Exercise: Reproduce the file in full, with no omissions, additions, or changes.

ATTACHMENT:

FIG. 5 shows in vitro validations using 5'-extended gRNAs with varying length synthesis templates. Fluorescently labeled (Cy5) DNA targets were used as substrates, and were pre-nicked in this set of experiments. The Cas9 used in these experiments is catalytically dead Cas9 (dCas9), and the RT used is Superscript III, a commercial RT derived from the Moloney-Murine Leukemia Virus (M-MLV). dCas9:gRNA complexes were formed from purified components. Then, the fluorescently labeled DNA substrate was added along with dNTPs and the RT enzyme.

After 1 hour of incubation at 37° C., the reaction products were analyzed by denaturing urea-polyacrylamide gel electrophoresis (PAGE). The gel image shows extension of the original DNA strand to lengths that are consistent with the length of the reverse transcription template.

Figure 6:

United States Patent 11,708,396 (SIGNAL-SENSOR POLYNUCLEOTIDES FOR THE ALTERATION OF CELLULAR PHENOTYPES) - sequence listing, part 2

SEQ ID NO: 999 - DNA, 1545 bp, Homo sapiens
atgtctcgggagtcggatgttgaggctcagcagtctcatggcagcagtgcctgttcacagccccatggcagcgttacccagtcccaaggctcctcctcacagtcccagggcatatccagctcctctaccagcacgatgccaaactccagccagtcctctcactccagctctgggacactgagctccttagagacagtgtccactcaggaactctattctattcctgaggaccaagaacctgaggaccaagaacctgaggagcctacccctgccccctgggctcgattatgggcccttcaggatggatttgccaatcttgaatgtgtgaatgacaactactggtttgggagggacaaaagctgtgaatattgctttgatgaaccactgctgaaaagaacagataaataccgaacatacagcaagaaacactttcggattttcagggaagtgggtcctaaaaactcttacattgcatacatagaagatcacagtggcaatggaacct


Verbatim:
FIG. 5 shows in vitro validations using 5'-extended gRNAs with varying length synthesis templates. Fluorescently labeled (Cy5) DNA targets were used as substrates, and were pre-nicked in this set of experiments. The Cas9 used in these experiments is catalytically dead Cas9 (dCas9), and the RT used is Superscript III, a commercial RT derived from the Moloney-Murine Leukemia Virus (M-MLV). dCas9:gRNA complexes were formed from purified components. Then, the fluorescently labeled DNA substrate was added along with dNTPs and the RT enzyme.

After 1 hour of incubation at 37° C., the reaction products were analyzed by denaturing urea-polyacrylamide gel electrophoresis (PAGE). The gel image shows extension of the original DNA strand to lengths that are consistent with the length of the reverse transcription template.

Figure 6:

United States Patent 11,708,396 (SIGNAL-SENSOR POLYNUCLEOTIDES FOR THE ALTERATION OF CELLULAR PHENOTYPES) - sequence listing, part 2

SEQ ID NO: 999 - DNA, 1545 bp, Homo sapiens
atgtctcgggagtcggatgttgaggctcagcagtctcatggcagcagtgcctgttcacagccccatggcagcgttacccagtcccaaggctcctcctcacagtcccagggcatatccagctcctctaccagcacgatgccaaactccagccagtcctctcactccagctctgggacactgagctccttagagacagtgtccactcaggaactctattctattcctgaggaccaagaacctgaggaccaagaacctgaggagcctacccctgccccctgggctcgattatgggcccttcaggatggatttgccaatcttgaatgtgtgaatgacaactactggtttgggagggacaaaagctgtgaatattgctttgatgaaccactgctgaaaagaacagataaataccgaacatacagcaagaaacactttcggattttcagggaagtgggtcctaaaaactcttacattgcatacatagaagatcacagtggcaatggaacct